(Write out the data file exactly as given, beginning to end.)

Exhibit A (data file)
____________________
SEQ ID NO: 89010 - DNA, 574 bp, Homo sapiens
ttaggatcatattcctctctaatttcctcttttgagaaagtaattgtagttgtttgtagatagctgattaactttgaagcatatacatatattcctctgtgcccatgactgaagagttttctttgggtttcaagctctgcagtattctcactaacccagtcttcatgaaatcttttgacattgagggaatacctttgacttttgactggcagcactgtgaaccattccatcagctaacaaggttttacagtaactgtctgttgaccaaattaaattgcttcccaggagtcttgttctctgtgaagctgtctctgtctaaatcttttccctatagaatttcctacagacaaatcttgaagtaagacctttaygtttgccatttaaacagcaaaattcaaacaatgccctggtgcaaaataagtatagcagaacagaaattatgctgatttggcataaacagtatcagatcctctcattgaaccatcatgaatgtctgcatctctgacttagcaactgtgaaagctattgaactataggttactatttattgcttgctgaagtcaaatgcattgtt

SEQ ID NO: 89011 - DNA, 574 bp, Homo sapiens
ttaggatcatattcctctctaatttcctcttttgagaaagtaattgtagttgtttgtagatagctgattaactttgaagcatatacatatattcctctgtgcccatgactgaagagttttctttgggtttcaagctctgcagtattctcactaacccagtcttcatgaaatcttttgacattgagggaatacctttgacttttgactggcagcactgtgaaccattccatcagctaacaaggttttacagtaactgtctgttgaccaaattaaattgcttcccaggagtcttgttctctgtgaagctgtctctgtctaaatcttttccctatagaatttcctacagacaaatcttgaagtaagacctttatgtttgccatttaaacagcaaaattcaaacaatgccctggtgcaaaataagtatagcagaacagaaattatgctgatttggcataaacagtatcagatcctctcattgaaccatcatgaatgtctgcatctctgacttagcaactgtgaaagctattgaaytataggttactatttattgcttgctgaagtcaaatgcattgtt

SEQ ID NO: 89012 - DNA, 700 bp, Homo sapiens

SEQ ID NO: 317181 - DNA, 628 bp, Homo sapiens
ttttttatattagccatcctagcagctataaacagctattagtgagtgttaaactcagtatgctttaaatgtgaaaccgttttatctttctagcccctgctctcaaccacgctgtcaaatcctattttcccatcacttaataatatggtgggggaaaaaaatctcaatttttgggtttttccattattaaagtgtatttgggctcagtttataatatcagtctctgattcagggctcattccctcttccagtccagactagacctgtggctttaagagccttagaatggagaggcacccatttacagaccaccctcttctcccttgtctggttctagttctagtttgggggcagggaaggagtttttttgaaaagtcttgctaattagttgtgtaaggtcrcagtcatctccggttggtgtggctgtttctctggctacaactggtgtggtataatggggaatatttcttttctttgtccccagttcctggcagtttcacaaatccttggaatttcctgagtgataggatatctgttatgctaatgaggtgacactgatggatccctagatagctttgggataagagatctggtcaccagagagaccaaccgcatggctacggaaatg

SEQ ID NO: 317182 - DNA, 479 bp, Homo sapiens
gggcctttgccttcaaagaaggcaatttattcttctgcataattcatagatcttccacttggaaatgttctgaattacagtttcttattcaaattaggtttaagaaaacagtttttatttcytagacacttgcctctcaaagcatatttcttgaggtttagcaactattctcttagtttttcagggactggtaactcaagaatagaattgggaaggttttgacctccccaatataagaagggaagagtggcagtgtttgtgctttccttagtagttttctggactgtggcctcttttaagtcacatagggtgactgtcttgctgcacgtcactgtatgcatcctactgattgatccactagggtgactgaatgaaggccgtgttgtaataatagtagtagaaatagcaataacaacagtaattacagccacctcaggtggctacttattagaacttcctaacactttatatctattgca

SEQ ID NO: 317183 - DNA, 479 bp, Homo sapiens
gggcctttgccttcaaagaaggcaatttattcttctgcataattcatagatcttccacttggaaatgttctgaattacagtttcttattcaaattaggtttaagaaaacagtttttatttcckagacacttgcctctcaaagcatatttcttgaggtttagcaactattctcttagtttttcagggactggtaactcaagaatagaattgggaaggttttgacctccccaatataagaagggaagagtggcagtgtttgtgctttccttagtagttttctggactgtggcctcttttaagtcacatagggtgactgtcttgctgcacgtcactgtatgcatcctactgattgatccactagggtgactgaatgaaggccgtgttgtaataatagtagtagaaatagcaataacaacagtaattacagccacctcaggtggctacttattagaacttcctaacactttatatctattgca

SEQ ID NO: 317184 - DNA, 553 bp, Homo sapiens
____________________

SEQ ID NO: 89010 - DNA, 574 bp, Homo sapiens
ttaggatcatattcctctctaatttcctcttttgagaaagtaattgtagttgtttgtagatagctgattaactttgaagcatatacatatattcctctgtgcccatgactgaagagttttctttgggtttcaagctctgcagtattctcactaacccagtcttcatgaaatcttttgacattgagggaatacctttgacttttgactggcagcactgtgaaccattccatcagctaacaaggttttacagtaactgtctgttgaccaaattaaattgcttcccaggagtcttgttctctgtgaagctgtctctgtctaaatcttttccctatagaatttcctacagacaaatcttgaagtaagacctttaygtttgccatttaaacagcaaaattcaaacaatgccctggtgcaaaataagtatagcagaacagaaattatgctgatttggcataaacagtatcagatcctctcattgaaccatcatgaatgtctgcatctctgacttagcaactgtgaaagctattgaactataggttactatttattgcttgctgaagtcaaatgcattgtt

SEQ ID NO: 89011 - DNA, 574 bp, Homo sapiens
ttaggatcatattcctctctaatttcctcttttgagaaagtaattgtagttgtttgtagatagctgattaactttgaagcatatacatatattcctctgtgcccatgactgaagagttttctttgggtttcaagctctgcagtattctcactaacccagtcttcatgaaatcttttgacattgagggaatacctttgacttttgactggcagcactgtgaaccattccatcagctaacaaggttttacagtaactgtctgttgaccaaattaaattgcttcccaggagtcttgttctctgtgaagctgtctctgtctaaatcttttccctatagaatttcctacagacaaatcttgaagtaagacctttatgtttgccatttaaacagcaaaattcaaacaatgccctggtgcaaaataagtatagcagaacagaaattatgctgatttggcataaacagtatcagatcctctcattgaaccatcatgaatgtctgcatctctgacttagcaactgtgaaagctattgaaytataggttactatttattgcttgctgaagtcaaatgcattgtt

SEQ ID NO: 89012 - DNA, 700 bp, Homo sapiens

SEQ ID NO: 317181 - DNA, 628 bp, Homo sapiens
ttttttatattagccatcctagcagctataaacagctattagtgagtgttaaactcagtatgctttaaatgtgaaaccgttttatctttctagcccctgctctcaaccacgctgtcaaatcctattttcccatcacttaataatatggtgggggaaaaaaatctcaatttttgggtttttccattattaaagtgtatttgggctcagtttataatatcagtctctgattcagggctcattccctcttccagtccagactagacctgtggctttaagagccttagaatggagaggcacccatttacagaccaccctcttctcccttgtctggttctagttctagtttgggggcagggaaggagtttttttgaaaagtcttgctaattagttgtgtaaggtcrcagtcatctccggttggtgtggctgtttctctggctacaactggtgtggtataatggggaatatttcttttctttgtccccagttcctggcagtttcacaaatccttggaatttcctgagtgataggatatctgttatgctaatgaggtgacactgatggatccctagatagctttgggataagagatctggtcaccagagagaccaaccgcatggctacggaaatg

SEQ ID NO: 317182 - DNA, 479 bp, Homo sapiens
gggcctttgccttcaaagaaggcaatttattcttctgcataattcatagatcttccacttggaaatgttctgaattacagtttcttattcaaattaggtttaagaaaacagtttttatttcytagacacttgcctctcaaagcatatttcttgaggtttagcaactattctcttagtttttcagggactggtaactcaagaatagaattgggaaggttttgacctccccaatataagaagggaagagtggcagtgtttgtgctttccttagtagttttctggactgtggcctcttttaagtcacatagggtgactgtcttgctgcacgtcactgtatgcatcctactgattgatccactagggtgactgaatgaaggccgtgttgtaataatagtagtagaaatagcaataacaacagtaattacagccacctcaggtggctacttattagaacttcctaacactttatatctattgca

SEQ ID NO: 317183 - DNA, 479 bp, Homo sapiens
gggcctttgccttcaaagaaggcaatttattcttctgcataattcatagatcttccacttggaaatgttctgaattacagtttcttattcaaattaggtttaagaaaacagtttttatttcckagacacttgcctctcaaagcatatttcttgaggtttagcaactattctcttagtttttcagggactggtaactcaagaatagaattgggaaggttttgacctccccaatataagaagggaagagtggcagtgtttgtgctttccttagtagttttctggactgtggcctcttttaagtcacatagggtgactgtcttgctgcacgtcactgtatgcatcctactgattgatccactagggtgactgaatgaaggccgtgttgtaataatagtagtagaaatagcaataacaacagtaattacagccacctcaggtggctacttattagaacttcctaacactttatatctattgca

SEQ ID NO: 317184 - DNA, 553 bp, Homo sapiens